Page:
Quite a big audience was present to watch this film; it’s a classic and that stands the test of time. I watched it (w/ my family) as a kid. Mike Nichols said this film was his favorite; the filmmaker watched it 50+ times! Nichols noted that it also influenced how he directed his 1st movie- The Graduate (1967). The director of A Place in the Sun, George Stevens, was one of the most respected/prolific of his era. He came up through the Hollywood studio system, working as a stills photographer, then as a cinematographer. Stevens directed MANY critically-acclaimed/well-loved films, incl. Alice Adams (V early in Katharine Hepburn’s career), Woman of the Year (teaming up Spencer Tracy w/ Hepburn), The More the Merrier (a fun/early rom com), Shane (considered one of the best Westerns), and the epic family drama Giant (also w/ Taylor). The source novel for this movie, An American Tragedy, was written by Theodore Dreiser; it’s based on a true story. The book was adapted into a play by Patrick Kearney. The screenplay was written by Michael Wilson; he also worked on The Bridge on the River Kwai and Laurence of Arabia.

In 1991, this movie was selected for preservation in the U.S. National Film Registry by the Library of Congress. One critic wrote that this film represents America, where people are NOT satisfied w/ what they have, BUT always looking for something better. Another critic pointed out the connection shown btwn social class and desirability. The costumes, set design, editing, music/sound, directing, and acting ALL combine to make this an effective (and affecting) story. The director makes some great choices, incl. those memorable close-ups of two of the hottest actors to appear in film. In one pivotal scene, George embraces and speaks reassuringly to Alice, BUT Clift’s body is hidden from the camera. When George and Angela interact, she is often shown in the power position (as a male love interest). Notice their embrace on the balcony, where Clift hunches down and enfolds himself tightly in Taylor’s arms. At the lake, Taylor is sitting up w/ Clift laying his head down in her lap. In the end, did you think that George was a victim of circumstance or a calculating villain?

He would discuss the scene, but not the lines, and would photograph the second or third rehearsal so the scene had an almost improvisatory quality. Stevens would print the first take, then spend the next three hours minutely rehearsing the scene, then film it again. He explained to me that in this way he often got actors’ unplanned reactions that were spontaneous and human and often exactly right. And often when actors overintellectualize or plan their reactions, they aren’t as good. -Winters, describing Stevens’ way of directing

…because Monty was the New York stage actor, and I felt very much the inadequate teenage Hollywood sort of puppet that had just worn pretty clothes and hadn’t really acted except with horses and dogs. -Taylor, on feeling intimidated to act w/ Clift (before they became the best of friends)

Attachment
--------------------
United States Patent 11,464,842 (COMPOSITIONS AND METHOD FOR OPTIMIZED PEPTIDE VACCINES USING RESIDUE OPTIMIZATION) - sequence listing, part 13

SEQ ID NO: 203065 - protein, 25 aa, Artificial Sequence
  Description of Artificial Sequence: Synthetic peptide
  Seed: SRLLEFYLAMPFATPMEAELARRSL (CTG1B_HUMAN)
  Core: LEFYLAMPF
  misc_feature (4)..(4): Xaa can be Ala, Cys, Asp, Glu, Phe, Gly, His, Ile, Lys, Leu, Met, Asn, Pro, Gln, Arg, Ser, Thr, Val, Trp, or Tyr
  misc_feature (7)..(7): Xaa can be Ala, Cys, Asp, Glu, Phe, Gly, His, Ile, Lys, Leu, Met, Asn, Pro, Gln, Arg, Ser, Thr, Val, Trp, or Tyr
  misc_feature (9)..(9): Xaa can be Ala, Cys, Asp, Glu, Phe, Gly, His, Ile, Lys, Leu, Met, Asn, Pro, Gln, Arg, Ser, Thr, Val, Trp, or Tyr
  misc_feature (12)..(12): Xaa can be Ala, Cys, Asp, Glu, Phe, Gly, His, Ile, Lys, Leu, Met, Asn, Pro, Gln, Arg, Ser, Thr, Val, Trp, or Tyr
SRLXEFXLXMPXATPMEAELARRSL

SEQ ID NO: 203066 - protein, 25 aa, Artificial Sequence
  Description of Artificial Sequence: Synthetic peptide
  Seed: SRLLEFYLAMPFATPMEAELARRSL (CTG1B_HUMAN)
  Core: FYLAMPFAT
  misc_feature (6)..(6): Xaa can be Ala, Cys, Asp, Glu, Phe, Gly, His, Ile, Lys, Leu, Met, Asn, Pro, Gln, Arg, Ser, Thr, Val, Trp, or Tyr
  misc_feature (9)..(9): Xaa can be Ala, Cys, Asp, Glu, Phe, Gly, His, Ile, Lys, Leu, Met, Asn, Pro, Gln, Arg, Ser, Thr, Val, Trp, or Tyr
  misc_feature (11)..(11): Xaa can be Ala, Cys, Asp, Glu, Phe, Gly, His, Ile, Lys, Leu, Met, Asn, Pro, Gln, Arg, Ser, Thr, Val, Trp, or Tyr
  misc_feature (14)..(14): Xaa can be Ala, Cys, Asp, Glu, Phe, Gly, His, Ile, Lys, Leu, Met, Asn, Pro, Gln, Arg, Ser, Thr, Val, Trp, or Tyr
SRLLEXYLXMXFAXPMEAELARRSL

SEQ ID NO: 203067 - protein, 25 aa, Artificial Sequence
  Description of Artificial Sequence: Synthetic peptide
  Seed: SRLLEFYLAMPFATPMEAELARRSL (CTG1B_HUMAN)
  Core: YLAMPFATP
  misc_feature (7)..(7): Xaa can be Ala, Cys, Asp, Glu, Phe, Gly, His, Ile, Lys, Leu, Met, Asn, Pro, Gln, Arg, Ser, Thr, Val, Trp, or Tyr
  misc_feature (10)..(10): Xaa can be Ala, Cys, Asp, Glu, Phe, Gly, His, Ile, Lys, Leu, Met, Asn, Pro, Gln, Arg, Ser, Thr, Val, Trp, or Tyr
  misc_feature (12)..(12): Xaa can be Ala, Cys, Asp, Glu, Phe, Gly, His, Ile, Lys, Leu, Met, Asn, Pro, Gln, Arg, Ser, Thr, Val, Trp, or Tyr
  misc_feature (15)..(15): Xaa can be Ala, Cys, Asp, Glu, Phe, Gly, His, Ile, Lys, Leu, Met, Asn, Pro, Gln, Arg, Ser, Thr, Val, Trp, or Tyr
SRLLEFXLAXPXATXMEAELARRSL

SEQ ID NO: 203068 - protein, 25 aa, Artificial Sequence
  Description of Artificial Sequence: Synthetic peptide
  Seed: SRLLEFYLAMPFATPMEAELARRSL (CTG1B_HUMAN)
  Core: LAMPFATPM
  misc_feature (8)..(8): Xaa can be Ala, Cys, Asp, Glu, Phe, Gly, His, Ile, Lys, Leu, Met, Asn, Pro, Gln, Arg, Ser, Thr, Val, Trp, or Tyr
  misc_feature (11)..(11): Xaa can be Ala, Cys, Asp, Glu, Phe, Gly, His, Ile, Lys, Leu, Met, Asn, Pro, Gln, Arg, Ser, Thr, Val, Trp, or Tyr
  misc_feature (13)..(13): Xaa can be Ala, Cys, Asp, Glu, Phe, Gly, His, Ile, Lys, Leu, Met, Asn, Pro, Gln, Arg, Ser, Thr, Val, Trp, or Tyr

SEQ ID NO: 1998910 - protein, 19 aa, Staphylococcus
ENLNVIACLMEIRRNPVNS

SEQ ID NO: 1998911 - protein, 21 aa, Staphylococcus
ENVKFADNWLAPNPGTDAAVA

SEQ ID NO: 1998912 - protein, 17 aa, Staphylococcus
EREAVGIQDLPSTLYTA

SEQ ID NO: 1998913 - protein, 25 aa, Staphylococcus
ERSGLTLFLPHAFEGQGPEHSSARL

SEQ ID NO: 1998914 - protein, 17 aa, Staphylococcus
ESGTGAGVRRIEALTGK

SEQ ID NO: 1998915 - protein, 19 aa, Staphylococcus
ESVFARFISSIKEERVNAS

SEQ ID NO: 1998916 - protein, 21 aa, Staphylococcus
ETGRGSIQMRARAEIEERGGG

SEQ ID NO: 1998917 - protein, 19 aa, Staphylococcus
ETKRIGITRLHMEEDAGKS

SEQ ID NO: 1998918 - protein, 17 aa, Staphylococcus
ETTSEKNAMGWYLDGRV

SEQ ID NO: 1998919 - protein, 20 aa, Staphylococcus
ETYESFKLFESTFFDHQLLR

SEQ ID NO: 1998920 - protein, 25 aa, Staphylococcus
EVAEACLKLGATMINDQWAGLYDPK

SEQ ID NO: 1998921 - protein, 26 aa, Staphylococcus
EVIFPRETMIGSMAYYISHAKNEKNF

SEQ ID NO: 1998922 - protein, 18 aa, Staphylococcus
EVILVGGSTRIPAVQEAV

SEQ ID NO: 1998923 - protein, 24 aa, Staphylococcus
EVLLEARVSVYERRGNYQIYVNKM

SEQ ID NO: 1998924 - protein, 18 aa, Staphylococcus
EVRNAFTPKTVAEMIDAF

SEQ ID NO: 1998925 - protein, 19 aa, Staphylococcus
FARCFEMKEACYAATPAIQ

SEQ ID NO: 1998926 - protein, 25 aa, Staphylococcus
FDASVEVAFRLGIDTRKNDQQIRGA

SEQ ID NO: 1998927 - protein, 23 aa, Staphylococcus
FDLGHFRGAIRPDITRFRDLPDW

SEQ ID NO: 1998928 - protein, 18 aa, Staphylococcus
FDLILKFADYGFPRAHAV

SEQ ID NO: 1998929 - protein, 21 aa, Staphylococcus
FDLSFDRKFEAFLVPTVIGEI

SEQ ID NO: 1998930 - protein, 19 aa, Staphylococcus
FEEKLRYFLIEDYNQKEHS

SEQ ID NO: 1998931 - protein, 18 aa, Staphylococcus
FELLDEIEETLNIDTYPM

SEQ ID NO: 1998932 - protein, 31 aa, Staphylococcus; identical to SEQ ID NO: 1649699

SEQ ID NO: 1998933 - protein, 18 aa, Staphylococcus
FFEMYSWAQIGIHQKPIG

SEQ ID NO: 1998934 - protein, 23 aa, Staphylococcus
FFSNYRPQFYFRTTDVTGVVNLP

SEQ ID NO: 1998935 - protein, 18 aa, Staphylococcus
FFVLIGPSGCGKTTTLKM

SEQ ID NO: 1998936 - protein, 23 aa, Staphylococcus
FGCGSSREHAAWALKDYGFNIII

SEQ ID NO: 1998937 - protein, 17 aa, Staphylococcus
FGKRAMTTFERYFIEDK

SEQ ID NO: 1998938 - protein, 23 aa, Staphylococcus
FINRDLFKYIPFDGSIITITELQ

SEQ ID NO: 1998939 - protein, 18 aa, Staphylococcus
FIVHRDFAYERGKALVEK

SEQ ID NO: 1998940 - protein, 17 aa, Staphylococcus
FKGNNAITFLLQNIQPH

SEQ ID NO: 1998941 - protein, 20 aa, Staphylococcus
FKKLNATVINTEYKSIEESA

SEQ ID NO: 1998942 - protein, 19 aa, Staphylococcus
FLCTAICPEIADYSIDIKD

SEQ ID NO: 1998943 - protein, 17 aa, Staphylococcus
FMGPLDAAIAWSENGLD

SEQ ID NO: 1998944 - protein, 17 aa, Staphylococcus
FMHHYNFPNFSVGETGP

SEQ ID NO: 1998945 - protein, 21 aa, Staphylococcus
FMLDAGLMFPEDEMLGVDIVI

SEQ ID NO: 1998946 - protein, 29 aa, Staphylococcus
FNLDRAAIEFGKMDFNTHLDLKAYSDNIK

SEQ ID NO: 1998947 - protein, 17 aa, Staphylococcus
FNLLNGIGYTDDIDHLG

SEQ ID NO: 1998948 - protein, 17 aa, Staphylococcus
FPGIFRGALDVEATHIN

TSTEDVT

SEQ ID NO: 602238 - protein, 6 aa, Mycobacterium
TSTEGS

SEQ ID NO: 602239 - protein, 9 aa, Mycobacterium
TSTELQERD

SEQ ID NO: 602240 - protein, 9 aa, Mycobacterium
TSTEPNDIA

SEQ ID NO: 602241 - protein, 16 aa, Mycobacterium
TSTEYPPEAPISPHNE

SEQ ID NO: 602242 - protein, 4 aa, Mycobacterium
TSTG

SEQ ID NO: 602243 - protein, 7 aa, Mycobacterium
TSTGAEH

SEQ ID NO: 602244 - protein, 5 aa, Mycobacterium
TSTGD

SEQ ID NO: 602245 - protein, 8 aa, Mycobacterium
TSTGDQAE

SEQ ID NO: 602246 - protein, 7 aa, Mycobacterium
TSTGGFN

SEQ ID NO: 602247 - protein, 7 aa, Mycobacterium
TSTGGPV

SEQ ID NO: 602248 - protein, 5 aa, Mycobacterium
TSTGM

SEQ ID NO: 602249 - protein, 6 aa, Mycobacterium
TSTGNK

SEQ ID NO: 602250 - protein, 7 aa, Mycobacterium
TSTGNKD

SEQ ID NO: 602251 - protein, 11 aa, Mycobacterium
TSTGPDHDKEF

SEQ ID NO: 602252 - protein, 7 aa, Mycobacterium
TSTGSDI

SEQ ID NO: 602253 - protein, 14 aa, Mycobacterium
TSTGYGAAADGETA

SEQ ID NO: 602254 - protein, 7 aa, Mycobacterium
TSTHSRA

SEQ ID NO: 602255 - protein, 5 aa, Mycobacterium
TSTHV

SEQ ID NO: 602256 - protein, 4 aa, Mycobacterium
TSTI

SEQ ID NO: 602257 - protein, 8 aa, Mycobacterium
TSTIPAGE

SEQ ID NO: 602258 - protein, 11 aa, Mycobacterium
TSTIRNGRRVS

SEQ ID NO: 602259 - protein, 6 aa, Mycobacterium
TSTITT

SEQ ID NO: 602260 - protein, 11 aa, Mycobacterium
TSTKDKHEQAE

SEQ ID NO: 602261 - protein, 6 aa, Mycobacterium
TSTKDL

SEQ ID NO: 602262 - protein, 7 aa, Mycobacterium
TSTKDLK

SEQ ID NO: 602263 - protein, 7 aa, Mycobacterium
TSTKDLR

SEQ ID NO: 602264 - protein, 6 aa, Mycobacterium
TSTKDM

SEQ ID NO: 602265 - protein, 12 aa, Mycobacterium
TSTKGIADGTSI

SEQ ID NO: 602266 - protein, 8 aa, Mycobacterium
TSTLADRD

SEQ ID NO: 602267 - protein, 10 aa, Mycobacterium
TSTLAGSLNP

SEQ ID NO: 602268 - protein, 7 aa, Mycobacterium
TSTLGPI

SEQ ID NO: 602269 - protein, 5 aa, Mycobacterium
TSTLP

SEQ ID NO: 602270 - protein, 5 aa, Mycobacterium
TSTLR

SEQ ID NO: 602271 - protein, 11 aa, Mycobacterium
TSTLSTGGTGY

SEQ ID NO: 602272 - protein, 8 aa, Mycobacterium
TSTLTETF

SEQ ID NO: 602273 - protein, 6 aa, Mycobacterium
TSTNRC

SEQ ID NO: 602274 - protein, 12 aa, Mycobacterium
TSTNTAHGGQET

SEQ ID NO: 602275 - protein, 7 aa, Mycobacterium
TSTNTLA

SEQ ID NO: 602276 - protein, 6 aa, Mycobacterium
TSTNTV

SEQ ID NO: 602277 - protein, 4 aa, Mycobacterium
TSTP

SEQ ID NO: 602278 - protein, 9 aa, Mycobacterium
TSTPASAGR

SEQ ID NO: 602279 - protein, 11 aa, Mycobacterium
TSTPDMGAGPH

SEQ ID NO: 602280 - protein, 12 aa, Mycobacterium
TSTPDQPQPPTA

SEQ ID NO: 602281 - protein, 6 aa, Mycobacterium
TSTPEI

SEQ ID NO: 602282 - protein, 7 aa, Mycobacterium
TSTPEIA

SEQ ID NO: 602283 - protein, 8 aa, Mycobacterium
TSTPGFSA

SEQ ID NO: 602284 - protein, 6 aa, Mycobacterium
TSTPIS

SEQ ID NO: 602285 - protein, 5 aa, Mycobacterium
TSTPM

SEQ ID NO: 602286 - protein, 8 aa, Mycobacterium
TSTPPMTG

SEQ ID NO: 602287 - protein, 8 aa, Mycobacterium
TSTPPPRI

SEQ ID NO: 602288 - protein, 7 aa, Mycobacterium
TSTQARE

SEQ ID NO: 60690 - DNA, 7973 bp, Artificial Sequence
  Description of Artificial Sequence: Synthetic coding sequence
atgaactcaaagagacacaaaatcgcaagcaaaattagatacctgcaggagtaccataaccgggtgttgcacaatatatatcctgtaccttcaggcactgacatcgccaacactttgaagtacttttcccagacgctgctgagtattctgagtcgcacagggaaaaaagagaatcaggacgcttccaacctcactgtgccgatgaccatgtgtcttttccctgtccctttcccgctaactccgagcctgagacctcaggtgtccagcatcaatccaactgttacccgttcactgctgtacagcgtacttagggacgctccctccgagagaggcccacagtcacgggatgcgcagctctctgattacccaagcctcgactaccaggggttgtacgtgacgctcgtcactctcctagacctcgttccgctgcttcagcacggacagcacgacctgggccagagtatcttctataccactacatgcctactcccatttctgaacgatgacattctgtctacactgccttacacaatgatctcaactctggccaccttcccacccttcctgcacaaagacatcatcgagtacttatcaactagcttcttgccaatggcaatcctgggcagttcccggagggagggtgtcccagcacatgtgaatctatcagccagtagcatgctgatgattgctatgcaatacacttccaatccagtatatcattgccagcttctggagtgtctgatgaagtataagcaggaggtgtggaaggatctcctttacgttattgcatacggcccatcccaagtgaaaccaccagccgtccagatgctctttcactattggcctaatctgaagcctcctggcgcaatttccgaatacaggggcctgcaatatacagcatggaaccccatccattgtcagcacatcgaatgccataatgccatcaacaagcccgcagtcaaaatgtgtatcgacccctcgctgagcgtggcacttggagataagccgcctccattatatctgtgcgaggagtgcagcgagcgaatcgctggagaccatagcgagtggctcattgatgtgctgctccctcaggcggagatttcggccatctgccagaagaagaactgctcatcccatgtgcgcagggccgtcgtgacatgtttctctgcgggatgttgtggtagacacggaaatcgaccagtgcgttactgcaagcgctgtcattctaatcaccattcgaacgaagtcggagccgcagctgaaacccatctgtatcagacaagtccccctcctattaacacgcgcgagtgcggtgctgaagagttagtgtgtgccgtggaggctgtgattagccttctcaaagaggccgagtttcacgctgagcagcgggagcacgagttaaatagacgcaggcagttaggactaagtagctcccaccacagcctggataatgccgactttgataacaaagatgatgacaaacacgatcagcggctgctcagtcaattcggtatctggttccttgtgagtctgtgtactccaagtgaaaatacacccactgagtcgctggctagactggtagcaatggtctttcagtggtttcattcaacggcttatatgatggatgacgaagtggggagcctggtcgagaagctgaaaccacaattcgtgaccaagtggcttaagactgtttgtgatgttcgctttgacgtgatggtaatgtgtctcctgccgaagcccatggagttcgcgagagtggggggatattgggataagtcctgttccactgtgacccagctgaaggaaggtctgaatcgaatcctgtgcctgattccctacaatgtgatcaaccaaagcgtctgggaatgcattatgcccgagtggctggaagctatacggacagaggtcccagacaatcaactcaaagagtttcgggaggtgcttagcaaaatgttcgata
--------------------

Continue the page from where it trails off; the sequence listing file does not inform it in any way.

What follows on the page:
Body and Soul (1947) starring John Garfield & Lili Palmer

Charley Davis (John Garfield) wins an amateur boxing match and is hailed as a local wonder. He meets a young woman, Peg (Lili Palmer), the winner of a beauty pageant. Peg lives in the West Village of NYC and is studying to be painter. The young men of Charley’s Lower East Side (LES) neighborhood are mostly jobless; some are looking to make some quick money. Charley’s friend, Shorty (Joseph Pevney- later director of many eps of Star Trek), tries to get the attention of a boxing promoter, Quinn (William Conrad), when he comes to the local pool hall. Suddenly, Charley’s father is killed in a bombing of his small candy store! Charley’s mother, Anna (Anne Revere), is strongly opposed to him fighting; she wants him to continue w/ night school and become a “professional.” Instead of letting his mother sign-up for “relief” (the precursor to welfare), Charley gets Shorty to set up a fight through Quinn. Charley travels to many states and his career grows, as he keeps winning fights. When an unethical promoter, Roberts (Lloyd Gough), shows an interest in Charley, he finds himself faced w/ difficult choices.

This movie (directed by Robert Rossen) is considered to be the best of Garfield’s short/bright career; the screenplay was written by one of his childhood friends- Abraham Polonsky. This role fits Garfield like a (boxing) glove; he also produced the film. Revere (who is related to that Paul Revere) is perhaps NOT the 1st choice for a Jewish mother, BUT she does good in her role (as usual). Palmer (who is British) and Garfield have good romantic chemistry, BUT her (posh) accent is out of place in the gritty world of the LES. Canada Lee plays Ben, a Black boxer who fights Charley, then becomes one of his trainers/close pals. Lee gets a few meaty scenes (rare for this era for people of color in film); he mainly worked in theater. The cinematographer, James Wong Howe (Chinese-American), filmed the pivotal fight holding the camera while being pushed around the ring by an assistant on roller skates! Martin Scorsese saw this movie as a boy; its influences can be seen in Raging Bull (1980), as some viewers noted.